EQ: Understanding Sound

I will be doing a series of post on the general use of equalizers for live music, but for this post I wanted to just go over the very basics of sound. Knowing this information will later aid you in fully understanding the concept of equalization.

How is sound made? Simply put, vibrations in the air. The rate at which the vibrations happen is called frequency. High-frequency vibrations produce high pitches and low-frequency vibrations produce low pitches. Frequency is measured in vibrations, or known as cycles per second. These cycles per second are called Hertz (Hz). You will notice knobs on mixers, EQs, and other equipment with a number followed by ‘Hz’ – Hz stands for hertz. (Ex. 80 Hz = 80 Hertz, 1kHz = 1,000 Hz)

Now that you know about frequency, it is important to realize that sounds you hear are not just one frequency. When someone plays a note on a guitar or a piano, you will get a fundamental frequency, but you will also get some higher frequencies, known as overtones or harmonics. The fundamental frequency is the note that you recognize. The overtones make up the tone color of the notes source, or timbre. The timbre is what makes a piano sound like a piano, a trumpet sound like a trumpet, and a violin sound like a violin. When they all play the same note together, their timbre allows you to pick out the different instruments.

All frequencies make up what is called the frequency spectrum and the part of the spectrum that we can hear is called the audio spectrum. The audio spectrum is from about 20Hz to 20kHz and any portion of the frequency spectrum is known as a band. It may be a wide like the range of synthesizers or it may be narrow like the human voice. Bandwidth is how narrow or wide (measured in Hz) the band is.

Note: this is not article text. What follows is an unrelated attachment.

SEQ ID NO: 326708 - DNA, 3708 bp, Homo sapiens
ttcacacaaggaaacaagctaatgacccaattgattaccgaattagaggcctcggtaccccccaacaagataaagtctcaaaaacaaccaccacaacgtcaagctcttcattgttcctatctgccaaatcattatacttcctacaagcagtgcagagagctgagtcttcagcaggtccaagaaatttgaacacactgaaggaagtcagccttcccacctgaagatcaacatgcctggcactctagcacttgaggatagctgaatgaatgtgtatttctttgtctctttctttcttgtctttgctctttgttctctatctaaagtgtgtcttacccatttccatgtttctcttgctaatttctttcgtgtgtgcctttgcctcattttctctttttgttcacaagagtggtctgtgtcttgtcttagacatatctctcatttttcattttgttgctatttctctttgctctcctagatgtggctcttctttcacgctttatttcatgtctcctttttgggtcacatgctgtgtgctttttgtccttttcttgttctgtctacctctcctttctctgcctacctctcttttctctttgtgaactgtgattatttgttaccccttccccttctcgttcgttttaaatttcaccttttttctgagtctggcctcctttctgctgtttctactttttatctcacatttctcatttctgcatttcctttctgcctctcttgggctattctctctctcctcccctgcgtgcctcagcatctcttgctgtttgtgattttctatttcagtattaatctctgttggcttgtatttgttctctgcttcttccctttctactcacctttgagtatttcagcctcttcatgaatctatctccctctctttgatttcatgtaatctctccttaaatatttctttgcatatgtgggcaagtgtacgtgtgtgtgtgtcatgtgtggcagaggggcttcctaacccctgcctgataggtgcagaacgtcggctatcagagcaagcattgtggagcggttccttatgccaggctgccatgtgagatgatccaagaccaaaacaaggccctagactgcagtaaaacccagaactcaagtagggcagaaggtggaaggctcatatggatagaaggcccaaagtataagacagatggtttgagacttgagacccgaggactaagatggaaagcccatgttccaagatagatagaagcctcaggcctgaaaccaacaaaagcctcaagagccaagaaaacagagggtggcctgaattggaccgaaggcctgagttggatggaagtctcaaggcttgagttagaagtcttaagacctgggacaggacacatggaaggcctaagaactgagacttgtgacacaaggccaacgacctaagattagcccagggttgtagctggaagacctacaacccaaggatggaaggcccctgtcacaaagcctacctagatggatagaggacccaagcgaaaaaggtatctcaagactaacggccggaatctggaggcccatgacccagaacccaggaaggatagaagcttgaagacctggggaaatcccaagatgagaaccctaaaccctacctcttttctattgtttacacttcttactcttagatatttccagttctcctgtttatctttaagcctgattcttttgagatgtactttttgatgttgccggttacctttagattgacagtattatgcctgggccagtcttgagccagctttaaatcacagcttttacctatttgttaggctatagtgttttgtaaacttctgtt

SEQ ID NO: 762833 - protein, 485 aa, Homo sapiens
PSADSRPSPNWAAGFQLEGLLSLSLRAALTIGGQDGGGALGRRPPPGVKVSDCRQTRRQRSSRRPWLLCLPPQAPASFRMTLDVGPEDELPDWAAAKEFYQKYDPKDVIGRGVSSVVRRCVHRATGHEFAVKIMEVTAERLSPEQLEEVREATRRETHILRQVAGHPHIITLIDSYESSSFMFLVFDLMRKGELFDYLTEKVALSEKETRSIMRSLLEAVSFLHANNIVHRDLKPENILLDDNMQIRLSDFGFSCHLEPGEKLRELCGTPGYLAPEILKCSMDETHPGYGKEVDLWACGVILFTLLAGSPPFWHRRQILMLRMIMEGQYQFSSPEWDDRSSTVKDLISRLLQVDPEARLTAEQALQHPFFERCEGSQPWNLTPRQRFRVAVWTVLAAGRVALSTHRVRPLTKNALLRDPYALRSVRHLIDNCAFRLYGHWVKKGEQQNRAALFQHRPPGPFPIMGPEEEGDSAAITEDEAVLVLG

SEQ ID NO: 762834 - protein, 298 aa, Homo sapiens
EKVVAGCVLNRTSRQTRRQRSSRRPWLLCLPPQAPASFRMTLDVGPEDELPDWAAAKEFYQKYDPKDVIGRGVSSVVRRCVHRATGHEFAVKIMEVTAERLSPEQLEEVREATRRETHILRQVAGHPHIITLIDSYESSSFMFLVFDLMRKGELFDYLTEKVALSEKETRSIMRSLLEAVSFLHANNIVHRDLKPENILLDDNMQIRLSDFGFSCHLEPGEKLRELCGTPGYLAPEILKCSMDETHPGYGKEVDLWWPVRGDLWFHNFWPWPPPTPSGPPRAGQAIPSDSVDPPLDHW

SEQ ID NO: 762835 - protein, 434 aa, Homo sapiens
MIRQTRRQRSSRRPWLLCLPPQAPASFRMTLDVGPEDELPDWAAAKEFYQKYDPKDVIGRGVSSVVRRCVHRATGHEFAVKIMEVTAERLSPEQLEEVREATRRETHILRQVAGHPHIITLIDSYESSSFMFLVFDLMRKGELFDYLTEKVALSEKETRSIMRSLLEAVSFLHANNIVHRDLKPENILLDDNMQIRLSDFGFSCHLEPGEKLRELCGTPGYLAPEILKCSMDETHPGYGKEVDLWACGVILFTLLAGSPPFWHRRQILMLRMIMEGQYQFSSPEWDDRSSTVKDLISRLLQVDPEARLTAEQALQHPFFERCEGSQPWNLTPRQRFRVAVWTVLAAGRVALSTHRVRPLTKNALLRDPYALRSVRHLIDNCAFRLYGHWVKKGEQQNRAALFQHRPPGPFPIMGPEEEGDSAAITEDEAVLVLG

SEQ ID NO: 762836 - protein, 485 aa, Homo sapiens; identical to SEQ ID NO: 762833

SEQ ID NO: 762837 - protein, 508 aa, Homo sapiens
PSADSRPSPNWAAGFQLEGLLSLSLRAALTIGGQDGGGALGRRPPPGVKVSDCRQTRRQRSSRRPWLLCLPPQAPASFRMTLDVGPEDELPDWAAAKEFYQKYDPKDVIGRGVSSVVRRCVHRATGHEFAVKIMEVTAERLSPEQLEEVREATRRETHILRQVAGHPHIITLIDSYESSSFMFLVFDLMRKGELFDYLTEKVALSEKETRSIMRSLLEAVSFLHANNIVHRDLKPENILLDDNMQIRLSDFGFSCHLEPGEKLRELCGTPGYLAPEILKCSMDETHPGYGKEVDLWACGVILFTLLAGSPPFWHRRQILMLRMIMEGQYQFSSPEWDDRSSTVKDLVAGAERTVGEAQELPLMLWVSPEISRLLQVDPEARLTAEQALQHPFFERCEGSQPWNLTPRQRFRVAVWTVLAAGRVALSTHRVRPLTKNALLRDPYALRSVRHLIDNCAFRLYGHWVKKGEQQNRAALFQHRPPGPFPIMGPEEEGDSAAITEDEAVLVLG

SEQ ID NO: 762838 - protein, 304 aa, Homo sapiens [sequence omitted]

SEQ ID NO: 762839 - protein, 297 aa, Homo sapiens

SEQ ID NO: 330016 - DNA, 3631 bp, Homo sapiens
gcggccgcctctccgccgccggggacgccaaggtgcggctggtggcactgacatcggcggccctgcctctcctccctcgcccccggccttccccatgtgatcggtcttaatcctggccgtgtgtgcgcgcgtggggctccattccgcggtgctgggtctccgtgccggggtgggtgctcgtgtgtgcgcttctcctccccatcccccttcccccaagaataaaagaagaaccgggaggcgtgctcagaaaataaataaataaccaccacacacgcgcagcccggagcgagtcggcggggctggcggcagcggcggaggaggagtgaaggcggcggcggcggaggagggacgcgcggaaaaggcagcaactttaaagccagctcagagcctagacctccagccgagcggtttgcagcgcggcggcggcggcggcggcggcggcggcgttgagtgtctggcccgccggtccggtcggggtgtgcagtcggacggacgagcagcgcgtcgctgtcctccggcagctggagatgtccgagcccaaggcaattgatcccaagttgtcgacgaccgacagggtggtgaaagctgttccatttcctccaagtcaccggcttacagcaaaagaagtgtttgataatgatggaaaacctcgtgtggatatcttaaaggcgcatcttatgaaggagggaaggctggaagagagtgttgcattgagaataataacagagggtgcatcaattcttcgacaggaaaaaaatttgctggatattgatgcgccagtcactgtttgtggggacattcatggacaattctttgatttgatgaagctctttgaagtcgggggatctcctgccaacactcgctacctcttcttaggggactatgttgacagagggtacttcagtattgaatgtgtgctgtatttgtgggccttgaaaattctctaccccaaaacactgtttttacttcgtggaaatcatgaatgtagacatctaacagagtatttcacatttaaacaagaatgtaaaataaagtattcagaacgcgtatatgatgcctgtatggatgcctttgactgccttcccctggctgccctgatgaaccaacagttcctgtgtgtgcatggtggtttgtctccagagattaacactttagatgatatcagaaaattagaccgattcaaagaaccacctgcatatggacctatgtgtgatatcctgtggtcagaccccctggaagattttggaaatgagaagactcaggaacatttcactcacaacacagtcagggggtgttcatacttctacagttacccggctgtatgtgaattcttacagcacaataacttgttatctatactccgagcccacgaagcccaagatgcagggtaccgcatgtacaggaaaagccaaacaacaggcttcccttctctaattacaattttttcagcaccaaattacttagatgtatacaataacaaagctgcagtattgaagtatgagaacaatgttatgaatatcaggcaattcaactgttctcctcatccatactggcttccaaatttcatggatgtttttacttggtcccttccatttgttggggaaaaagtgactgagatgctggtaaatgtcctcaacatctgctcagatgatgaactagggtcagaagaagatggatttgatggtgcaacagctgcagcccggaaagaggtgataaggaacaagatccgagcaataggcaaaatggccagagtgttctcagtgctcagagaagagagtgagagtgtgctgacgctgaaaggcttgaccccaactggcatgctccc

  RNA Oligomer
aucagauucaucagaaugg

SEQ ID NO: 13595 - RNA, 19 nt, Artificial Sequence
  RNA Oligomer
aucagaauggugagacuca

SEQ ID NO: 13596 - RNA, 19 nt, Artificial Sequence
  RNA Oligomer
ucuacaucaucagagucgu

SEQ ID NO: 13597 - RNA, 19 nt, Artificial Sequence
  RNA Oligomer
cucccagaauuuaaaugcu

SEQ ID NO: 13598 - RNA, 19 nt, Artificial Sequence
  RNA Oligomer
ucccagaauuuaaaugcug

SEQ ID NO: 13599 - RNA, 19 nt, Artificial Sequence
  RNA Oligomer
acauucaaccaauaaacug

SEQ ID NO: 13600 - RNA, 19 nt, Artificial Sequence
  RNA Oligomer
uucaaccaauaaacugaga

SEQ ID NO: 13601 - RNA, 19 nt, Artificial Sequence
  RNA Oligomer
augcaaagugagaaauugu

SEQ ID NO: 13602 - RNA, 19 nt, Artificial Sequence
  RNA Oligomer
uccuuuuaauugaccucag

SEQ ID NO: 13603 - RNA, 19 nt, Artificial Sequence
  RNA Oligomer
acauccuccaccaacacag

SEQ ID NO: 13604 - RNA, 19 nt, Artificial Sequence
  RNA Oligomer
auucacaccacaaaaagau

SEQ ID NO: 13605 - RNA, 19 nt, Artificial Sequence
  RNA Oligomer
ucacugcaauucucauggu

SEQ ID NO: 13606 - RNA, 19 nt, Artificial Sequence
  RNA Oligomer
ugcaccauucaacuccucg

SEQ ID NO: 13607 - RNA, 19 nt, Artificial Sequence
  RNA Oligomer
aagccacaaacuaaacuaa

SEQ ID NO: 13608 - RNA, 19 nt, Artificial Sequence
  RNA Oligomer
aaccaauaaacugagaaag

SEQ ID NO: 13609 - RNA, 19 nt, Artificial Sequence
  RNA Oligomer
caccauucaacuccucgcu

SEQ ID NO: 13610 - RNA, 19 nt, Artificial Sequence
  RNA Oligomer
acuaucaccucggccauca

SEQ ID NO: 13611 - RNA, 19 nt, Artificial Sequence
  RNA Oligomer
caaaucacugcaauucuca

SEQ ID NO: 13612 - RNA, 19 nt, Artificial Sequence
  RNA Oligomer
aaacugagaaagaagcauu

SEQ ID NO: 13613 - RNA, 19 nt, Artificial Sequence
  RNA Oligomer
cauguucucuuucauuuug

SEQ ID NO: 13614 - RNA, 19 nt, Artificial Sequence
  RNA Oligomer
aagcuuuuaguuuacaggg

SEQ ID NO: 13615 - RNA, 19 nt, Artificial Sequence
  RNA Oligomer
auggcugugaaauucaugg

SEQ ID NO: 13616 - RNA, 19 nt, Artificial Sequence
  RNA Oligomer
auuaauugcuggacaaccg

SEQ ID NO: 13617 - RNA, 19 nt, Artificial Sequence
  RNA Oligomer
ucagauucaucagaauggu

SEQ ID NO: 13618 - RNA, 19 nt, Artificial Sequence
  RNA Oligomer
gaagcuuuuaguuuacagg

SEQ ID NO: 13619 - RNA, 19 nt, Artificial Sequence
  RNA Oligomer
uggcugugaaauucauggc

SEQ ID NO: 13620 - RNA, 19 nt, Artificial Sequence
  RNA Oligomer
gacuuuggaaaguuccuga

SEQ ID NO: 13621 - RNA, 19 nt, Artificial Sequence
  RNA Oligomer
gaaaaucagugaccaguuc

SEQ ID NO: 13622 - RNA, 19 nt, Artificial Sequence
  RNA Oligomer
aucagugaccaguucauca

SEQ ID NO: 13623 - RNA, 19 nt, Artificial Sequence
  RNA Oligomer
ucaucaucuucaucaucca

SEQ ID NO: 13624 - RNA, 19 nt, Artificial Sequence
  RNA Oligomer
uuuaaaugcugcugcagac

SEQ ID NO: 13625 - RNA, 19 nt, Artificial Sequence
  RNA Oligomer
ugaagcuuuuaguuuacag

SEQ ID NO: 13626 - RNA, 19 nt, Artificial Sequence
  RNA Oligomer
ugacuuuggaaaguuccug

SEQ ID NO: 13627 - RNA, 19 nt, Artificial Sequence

This is just a basic overview of how sound is made and a couple of terms that are very useful to know. Keep checking back for more information on equalizing live sound. I will quickly go over some of the new words you learned today. 😉

Frequency is the sound vibrations related to what we hear as pitch. Higher-frequency vibrations produce high pitches and low-frequency vibrations produces low pitches.

Hertz (Hz) is a unit of frequency. Simply, the number of vibrations per second.

Fundamental Frequency is the actual pitch that you recognize.

Overtones make up the tone color, or timbre, of an instrument.

Timbre (pronounced TAM-bur) is the term for an instruments tonal characteristics. It is what makes the piano sound like a piano and a trumpet sound like a trumpet.

Frequency Spectrum is a spectrum of frequencies.

Audio Spectrum is the spectrum of frequencies that are audible by the human ear. (About 20Hz – 20kHz)

A Band is a portion of frequencies. Ex. The human voice has a band of approx 80 to 1200Hz.

Bandwidth is how wide or narrow (measured in Hz) a particular band is.

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